If you asked a random stranger what they associate with Colombia, motifs like coffee, salsa music, and drug trafficking might come up. But I'd like to use the photos I've taken over the course of the last week to argue for a different calling card: the great outdoors. On the way from the coffee growing region of Salento to the tranquilo streets of San Agustin (with a pitstop in the decidedly urban Cali), hiking and biking through Southern Colombia was a feat for the eyes.
Instead of listing off facts and dates, our tour guide Pablo made the city come alive with enchanting stories of how the Paisas, the people of Medellin and the surrounding area, developed their prideful attitudes. Spanning back as far as the original European settlers of the land, Pablo explained how the area was geographically isolated, the political history of the notorious Colombian conflict, why "your parents are scared you're traveling in Colombia", and the triumphant tale of the country today, a place that is surely on the rise both socially and economically.
The definitive northern point of the South American backpacker trail, Santa Marta is a juxtaposition of contradictions. At the popular "Dreamer Hostel” where most travelers stay, one can check in, drop their heavy bags in one of the dormitories, grab a beer and lounge poolside for days at a time. With its English-speaking staff and Western food, the Dreamer is an oasis of comfort and relaxation in an otherwise hot, dirty, and developing town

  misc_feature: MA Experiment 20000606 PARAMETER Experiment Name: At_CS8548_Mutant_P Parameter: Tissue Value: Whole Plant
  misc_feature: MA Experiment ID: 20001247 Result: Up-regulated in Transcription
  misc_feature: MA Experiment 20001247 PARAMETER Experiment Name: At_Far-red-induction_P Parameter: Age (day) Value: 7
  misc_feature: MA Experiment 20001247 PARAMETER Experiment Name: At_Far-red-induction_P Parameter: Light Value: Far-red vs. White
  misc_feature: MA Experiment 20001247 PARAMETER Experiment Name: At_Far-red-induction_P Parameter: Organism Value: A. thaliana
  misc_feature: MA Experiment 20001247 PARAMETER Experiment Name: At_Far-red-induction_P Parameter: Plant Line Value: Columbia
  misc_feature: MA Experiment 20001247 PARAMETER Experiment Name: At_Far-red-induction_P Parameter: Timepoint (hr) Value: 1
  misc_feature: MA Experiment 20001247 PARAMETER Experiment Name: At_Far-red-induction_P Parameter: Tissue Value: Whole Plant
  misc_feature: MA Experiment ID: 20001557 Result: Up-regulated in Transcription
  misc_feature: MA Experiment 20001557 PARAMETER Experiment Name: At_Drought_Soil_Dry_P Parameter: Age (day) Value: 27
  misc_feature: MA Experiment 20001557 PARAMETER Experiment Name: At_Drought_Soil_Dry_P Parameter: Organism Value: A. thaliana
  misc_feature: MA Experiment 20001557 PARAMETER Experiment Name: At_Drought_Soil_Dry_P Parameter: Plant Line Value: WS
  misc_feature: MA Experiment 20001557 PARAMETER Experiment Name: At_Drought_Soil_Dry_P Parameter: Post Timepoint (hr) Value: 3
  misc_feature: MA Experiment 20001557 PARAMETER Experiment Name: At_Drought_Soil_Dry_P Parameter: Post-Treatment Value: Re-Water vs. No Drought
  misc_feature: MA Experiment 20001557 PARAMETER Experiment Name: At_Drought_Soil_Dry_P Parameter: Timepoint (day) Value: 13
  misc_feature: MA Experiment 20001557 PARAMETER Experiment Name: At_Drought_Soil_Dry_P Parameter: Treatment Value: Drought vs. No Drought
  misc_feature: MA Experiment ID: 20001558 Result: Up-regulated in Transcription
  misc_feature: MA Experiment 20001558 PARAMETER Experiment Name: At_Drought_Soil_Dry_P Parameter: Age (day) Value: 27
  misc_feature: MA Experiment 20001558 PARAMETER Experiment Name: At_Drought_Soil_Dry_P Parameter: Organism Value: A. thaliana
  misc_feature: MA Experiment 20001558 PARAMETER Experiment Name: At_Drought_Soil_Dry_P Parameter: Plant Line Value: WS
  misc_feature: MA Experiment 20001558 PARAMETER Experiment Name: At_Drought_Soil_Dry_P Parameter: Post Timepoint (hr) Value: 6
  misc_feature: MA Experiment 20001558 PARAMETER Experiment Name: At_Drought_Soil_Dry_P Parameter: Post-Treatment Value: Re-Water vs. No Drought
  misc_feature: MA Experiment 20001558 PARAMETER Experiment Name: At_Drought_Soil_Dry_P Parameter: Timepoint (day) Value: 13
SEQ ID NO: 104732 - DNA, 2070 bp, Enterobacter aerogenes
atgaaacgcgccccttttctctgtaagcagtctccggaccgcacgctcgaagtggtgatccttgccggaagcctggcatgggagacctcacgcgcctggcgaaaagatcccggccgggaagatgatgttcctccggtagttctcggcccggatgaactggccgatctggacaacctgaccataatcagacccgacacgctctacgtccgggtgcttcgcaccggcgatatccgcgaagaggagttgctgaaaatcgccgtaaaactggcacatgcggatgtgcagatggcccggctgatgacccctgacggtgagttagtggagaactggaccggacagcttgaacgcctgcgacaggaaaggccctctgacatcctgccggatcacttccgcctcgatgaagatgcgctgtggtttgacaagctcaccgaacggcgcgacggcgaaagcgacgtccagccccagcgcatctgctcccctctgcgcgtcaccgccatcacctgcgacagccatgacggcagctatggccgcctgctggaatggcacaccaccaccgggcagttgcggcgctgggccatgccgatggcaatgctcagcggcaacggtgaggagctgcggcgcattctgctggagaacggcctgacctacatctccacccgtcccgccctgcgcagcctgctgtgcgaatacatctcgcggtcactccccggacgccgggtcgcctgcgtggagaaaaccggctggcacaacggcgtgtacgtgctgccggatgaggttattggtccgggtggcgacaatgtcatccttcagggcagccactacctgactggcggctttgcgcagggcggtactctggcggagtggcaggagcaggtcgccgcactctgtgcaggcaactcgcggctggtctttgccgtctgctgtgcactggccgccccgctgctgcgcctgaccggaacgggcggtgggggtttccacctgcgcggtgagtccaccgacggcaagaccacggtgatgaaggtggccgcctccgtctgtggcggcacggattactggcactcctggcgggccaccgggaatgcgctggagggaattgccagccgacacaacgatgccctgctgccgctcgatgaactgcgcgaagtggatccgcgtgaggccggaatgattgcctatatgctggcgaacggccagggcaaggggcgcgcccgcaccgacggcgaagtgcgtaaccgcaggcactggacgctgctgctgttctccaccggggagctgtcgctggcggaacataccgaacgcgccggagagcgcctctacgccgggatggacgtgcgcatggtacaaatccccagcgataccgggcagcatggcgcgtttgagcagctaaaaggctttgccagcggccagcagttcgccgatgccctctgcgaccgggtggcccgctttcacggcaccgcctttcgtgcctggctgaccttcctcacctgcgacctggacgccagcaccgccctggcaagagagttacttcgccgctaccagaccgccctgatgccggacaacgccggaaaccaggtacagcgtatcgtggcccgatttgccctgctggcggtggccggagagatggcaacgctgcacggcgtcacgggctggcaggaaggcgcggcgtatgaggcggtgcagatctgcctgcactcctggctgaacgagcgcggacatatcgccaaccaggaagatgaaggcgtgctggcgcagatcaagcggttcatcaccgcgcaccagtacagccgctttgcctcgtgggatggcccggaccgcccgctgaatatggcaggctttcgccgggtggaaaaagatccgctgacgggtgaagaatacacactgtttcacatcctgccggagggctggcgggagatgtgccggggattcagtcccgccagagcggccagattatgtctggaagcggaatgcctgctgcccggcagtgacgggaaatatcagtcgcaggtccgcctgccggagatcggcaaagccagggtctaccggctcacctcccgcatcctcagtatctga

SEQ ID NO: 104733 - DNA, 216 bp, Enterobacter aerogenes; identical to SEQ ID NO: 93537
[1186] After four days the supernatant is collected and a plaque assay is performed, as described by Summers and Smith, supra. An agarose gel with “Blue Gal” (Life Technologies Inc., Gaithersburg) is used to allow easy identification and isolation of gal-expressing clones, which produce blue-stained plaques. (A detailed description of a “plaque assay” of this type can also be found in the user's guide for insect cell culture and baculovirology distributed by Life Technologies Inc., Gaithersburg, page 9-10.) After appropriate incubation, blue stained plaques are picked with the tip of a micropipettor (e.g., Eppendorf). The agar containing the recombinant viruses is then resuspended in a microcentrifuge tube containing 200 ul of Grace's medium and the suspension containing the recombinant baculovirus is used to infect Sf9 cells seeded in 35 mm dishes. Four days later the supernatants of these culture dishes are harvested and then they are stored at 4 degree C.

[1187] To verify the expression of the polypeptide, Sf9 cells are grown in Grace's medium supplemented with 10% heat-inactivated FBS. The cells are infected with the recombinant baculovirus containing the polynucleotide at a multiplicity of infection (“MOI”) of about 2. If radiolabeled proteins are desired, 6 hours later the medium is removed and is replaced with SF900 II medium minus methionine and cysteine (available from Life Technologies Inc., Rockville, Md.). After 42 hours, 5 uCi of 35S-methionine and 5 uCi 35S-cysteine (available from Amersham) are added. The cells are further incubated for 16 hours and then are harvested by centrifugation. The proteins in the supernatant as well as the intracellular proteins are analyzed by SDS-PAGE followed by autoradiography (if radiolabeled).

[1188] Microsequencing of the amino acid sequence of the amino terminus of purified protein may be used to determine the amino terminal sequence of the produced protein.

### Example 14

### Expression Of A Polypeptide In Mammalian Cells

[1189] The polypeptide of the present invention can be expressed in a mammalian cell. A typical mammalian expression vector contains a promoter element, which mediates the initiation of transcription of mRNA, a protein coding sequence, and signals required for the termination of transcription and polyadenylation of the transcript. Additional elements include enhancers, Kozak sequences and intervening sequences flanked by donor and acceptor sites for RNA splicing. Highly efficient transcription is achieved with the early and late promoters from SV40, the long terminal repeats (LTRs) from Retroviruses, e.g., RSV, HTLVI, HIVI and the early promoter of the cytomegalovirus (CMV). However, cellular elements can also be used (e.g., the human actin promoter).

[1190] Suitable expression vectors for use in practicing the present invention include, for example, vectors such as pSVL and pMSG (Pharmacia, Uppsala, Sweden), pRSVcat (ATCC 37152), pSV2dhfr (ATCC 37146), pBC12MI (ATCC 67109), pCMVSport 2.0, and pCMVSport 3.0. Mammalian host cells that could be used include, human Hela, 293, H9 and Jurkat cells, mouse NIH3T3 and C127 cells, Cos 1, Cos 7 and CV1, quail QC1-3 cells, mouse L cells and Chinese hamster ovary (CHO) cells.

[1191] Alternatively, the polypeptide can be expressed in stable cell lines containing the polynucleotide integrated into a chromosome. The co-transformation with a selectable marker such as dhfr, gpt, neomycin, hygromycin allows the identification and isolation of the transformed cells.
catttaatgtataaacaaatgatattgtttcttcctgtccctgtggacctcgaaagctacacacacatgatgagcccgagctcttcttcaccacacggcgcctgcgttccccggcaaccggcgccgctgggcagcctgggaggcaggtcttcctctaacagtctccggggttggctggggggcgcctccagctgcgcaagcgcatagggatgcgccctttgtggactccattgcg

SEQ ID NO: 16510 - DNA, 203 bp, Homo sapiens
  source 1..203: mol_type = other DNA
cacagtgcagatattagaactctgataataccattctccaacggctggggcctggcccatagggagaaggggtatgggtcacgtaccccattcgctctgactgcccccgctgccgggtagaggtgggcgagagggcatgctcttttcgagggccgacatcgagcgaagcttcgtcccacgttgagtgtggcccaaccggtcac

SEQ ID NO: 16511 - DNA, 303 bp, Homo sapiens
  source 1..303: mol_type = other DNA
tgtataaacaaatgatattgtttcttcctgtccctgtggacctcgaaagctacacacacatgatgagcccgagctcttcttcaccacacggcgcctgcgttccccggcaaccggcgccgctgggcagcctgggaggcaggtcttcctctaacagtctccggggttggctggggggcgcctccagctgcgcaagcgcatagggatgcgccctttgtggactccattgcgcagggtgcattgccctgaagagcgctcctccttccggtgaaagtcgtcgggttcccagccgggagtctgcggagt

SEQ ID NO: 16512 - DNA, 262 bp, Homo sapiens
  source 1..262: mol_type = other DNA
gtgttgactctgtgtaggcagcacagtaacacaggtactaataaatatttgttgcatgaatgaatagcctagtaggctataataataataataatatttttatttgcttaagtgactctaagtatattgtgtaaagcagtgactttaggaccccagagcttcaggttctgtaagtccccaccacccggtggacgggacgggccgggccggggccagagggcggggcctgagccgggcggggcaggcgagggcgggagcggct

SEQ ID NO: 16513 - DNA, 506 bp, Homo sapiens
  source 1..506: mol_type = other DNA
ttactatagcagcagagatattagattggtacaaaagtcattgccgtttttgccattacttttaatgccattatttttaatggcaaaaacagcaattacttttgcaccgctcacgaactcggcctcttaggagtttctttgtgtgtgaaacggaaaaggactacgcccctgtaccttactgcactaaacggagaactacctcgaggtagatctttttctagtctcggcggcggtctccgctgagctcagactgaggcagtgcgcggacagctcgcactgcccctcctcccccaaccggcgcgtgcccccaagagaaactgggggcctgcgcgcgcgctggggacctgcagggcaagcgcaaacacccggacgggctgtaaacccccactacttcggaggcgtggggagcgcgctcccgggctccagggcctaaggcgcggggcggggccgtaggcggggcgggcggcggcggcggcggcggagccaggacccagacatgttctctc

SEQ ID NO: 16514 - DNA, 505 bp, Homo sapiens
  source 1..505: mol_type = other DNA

Last Friday I boarded a flight to South America, starting the next leg of my journey in Cartagena, Columbia. Having survived an endless summer in Southeast Asia and August heatwaves in Washington, D.C. I thought I could handle anything went it comes to heat. But as soon I stepped off the air-conditioned plane and onto the tarmac in Cartagena, I realized how ignorant I was to the prospect of Columbian heat. Immediately, it felt as though I had stepped straight into an oven and the sweltering heat began to permeate directly through my skin.